Allowing the poem to represent
A recognizable landscape
Sprouting green up or letting green
With all its weight of love hang
To gravity’s sweet affection,
Arse-versa it is the same object,
Even although the last word seems
To have sung first, or the breakfast lark
Sings up from the bottom of the sea.

 
11
 
The poem is not a string of knots
Tied for a meaning of another time
And county, unreadable, found
By chance. The poem is not a henge
Or Easter Island emerged Longnose
Or a tally used by early unknown
Peoples. The words we breathe and puff
Are our utensils down the dream
Into the manhole. Replace the cover.

 
12
 
The words are mine. The thoughts are all
Yours as they occur behind
The bat of your vast unseen eyes.
These words are as you see them put
Down on the dead-still page. They have
No ability above their station.
Their station on silence is exact.
What you do with them is nobody’s business.

 
13
 
Running across the language lightly
This morning in the hangingover
Whistling light from the window, I
Was tripped and caught into the whole
Formal scheme which Art is.
I had only meant to enjoy
Dallying between the imaginary
And imaginary’s opposite
With a thought or two up my sleeve.
 
 
14
 
Is the word? Yes Yes. But I hear
A sound without words from another
Person I can’t see at my elbow.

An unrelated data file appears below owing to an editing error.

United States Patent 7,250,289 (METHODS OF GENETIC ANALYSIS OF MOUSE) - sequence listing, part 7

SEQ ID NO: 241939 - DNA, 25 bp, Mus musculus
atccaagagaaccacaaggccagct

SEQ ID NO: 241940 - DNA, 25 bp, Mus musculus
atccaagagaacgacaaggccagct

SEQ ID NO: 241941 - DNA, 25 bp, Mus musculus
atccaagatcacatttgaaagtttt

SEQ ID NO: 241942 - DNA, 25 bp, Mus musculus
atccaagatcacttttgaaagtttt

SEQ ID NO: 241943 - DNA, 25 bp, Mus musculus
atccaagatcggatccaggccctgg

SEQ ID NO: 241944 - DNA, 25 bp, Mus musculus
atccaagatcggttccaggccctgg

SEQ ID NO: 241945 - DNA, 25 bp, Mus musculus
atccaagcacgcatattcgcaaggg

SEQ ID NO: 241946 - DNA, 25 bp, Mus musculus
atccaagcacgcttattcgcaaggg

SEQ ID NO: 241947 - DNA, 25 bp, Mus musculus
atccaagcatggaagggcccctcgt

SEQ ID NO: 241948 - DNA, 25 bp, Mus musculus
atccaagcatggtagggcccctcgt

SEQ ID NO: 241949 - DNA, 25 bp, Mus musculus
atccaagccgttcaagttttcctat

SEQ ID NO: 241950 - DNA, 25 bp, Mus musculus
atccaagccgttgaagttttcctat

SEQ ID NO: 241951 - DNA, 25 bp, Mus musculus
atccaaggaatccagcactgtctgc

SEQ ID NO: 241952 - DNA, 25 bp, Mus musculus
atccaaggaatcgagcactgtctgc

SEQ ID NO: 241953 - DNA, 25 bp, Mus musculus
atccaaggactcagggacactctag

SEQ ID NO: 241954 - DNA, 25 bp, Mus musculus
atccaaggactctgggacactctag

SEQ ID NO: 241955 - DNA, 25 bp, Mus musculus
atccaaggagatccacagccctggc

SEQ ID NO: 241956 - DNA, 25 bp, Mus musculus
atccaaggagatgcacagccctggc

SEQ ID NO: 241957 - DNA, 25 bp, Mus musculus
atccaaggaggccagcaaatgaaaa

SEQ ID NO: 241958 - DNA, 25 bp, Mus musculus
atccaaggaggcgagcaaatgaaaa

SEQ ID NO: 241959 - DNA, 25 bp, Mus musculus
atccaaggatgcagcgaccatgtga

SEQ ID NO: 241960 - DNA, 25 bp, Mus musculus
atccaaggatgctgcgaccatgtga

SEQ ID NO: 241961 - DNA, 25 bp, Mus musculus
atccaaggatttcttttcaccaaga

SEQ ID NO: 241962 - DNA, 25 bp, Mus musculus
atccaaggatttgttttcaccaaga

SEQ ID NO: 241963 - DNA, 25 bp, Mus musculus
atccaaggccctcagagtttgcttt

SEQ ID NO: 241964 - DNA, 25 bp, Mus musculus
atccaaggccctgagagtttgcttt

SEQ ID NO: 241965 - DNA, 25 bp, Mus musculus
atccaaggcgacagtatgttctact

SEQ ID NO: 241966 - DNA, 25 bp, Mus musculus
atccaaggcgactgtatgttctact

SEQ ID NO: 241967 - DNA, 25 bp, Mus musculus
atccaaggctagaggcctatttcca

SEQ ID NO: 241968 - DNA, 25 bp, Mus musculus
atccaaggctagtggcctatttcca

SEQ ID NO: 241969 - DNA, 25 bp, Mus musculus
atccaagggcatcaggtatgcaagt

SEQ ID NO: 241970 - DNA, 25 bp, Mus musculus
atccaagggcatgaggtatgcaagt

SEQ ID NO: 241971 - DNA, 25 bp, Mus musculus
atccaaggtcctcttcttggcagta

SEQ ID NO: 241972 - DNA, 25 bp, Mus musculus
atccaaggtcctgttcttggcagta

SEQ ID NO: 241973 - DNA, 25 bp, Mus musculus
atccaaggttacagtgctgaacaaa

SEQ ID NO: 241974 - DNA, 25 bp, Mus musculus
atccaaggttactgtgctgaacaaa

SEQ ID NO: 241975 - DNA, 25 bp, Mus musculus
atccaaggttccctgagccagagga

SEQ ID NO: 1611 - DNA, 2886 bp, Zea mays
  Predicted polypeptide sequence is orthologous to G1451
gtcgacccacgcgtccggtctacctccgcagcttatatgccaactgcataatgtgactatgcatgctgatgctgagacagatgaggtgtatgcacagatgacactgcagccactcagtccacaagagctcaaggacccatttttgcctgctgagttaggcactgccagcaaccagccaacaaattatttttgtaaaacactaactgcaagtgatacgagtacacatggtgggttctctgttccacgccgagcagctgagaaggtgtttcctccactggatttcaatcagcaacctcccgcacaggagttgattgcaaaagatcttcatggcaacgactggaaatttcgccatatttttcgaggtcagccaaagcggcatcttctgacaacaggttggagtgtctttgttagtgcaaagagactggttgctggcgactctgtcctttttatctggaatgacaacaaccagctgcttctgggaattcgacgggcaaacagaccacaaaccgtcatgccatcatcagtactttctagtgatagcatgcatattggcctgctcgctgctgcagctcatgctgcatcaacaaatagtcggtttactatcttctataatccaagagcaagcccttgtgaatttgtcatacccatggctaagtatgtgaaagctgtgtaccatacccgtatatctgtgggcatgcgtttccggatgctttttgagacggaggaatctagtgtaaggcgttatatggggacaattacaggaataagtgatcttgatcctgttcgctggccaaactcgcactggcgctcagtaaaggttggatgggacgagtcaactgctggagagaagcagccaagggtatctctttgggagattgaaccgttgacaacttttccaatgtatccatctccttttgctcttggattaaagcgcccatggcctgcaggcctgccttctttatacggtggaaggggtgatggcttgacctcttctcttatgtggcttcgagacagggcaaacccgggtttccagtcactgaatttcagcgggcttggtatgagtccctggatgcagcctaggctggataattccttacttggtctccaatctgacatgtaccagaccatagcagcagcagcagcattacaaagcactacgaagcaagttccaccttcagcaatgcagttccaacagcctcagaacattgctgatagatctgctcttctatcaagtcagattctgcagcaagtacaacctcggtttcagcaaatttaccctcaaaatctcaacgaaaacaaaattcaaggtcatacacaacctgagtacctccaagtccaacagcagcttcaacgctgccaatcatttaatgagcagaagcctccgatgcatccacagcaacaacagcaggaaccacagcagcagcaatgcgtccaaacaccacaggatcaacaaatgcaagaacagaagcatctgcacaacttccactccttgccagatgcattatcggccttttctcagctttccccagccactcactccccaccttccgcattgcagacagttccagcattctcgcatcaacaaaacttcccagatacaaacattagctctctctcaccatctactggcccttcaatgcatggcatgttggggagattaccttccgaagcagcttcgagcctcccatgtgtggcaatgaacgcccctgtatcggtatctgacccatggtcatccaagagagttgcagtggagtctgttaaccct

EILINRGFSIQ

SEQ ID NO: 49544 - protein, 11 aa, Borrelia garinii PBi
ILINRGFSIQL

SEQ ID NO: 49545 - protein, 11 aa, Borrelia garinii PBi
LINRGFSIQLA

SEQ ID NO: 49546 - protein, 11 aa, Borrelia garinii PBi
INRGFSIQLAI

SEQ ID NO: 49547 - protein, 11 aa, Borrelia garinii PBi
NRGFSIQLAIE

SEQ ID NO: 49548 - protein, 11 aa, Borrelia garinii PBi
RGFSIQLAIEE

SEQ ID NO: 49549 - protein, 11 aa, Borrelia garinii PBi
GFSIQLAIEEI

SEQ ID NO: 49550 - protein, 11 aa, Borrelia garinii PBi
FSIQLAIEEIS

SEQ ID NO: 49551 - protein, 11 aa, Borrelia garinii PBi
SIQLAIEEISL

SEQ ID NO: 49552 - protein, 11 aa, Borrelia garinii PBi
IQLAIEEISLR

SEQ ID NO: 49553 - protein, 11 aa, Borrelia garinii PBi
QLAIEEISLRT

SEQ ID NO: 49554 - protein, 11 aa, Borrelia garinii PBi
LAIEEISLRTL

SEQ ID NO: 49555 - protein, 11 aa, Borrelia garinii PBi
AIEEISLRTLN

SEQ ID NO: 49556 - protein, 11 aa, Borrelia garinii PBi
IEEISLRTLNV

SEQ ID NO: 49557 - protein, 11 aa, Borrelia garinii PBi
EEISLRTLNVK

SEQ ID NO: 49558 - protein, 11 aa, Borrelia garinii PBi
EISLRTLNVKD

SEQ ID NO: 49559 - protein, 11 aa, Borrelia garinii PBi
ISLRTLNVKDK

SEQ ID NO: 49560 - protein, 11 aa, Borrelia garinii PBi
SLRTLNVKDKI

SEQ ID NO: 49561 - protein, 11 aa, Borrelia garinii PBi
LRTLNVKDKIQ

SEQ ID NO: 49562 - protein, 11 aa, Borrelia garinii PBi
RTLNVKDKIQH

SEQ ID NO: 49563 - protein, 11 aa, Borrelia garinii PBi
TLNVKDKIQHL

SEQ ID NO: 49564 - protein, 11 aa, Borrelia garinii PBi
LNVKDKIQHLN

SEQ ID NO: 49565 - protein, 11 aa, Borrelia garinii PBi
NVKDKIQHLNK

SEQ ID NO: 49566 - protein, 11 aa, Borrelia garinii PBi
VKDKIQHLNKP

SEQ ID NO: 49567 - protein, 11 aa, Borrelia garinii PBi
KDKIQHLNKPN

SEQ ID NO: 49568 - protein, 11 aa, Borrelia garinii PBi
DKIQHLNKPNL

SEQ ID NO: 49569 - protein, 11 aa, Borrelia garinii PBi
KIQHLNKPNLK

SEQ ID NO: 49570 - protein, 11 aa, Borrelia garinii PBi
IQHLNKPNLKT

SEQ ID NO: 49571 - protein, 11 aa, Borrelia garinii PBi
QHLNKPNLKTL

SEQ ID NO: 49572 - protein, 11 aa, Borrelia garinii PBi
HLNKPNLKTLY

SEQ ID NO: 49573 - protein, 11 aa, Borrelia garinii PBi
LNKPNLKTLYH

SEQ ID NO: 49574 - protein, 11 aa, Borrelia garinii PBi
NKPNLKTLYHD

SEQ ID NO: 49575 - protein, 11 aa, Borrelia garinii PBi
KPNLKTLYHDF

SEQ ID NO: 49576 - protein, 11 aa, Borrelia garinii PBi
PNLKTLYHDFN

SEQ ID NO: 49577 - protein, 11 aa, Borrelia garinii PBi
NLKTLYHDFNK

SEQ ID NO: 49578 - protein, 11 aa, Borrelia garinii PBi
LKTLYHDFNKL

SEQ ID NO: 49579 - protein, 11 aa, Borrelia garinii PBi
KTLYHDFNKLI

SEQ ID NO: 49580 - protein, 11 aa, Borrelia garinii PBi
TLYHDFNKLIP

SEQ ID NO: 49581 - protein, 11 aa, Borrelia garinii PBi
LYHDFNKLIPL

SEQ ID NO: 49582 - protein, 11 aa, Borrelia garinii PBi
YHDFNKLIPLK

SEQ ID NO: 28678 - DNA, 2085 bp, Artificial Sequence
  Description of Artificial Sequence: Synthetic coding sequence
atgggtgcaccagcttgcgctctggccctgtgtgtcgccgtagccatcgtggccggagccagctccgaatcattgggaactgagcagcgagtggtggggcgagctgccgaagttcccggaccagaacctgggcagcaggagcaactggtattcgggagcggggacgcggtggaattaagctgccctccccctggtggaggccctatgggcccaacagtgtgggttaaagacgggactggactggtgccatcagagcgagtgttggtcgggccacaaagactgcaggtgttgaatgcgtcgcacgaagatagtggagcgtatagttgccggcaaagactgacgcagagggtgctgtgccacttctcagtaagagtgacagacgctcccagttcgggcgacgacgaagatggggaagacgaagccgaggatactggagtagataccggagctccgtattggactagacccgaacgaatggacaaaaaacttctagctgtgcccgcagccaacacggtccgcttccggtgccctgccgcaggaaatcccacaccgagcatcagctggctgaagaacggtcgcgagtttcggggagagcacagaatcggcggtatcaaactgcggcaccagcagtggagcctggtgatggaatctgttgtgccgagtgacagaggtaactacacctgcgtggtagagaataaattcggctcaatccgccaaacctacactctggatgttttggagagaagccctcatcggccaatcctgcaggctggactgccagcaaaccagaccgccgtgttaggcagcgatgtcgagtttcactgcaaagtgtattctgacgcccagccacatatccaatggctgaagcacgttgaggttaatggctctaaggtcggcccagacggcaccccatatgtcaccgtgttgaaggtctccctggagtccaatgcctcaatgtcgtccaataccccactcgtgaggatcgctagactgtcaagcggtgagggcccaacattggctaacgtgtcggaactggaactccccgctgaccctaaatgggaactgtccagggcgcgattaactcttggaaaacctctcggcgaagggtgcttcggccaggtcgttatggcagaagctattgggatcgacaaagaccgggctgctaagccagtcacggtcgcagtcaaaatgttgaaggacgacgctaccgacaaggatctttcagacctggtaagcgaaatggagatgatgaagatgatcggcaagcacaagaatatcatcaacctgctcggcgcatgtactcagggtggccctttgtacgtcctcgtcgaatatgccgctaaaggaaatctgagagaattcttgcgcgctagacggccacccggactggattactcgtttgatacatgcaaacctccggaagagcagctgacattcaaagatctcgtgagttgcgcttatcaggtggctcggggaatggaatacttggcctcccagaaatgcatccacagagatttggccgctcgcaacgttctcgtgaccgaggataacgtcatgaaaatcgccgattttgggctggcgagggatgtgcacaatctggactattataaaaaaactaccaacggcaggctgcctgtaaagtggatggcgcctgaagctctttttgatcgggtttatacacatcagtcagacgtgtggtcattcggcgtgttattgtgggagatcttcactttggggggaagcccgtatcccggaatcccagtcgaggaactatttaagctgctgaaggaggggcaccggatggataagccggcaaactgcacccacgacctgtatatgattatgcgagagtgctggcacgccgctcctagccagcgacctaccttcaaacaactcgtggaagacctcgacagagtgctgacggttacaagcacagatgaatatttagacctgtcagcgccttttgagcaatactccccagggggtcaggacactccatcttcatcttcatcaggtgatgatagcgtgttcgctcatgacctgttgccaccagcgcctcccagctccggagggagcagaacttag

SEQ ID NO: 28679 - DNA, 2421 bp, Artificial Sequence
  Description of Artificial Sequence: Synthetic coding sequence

A sigh to be proud of. You? Me?
 
 
15
 
Having to construct the silence first
To speak out on I realize
The silence even itself floats
At my ear-side with a character
I have not met before. Hello
Hello I shout but that silence
Floats steady, will not be marked
By an off-hand shout. For some reason
It refuses to be broken now
By what I thought was worth saying.
If I wait a while, if I look out
At the heavy greedy rooks on the wall
It will disperse. Now I construct
A new silence I hope to break.

W. S. Graham, “Approaches to How They Behave” from Selected Poems. Copyright © 1980 by W. S. Graham. Reprinted by permission of The Estate of W.S. Graham.

Source: Selected Poems (Ecco Press, 1980)

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Poet W. S. Graham 1918–1986

POET’S REGION Scotland

Subjects Arts & Sciences, Language & Linguistics, Poetry & Poets, Reading & Books

Poetic Terms Free Verse, Series/Sequence

Biography

W. S. Graham was born to a working-class family in Scotland and grew up in Clydeside, where he worked as an engineer. He traveled to London and New York City, then returned to spend the rest of his adult life in Cornwall where his associates included many of the post-war British artists. Graham's first collection of poetry, Cage without Grievance, was published in 1942. It was followed by The Seven Journeys (1944), 2nd Poems . . .

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Poem Categorization

SUBJECT Arts & Sciences, Language & Linguistics, Poetry & Poets, Reading & Books

POET’S REGION Scotland

Poetic Terms Free Verse, Series/Sequence

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Originally appeared in Poetry magazine.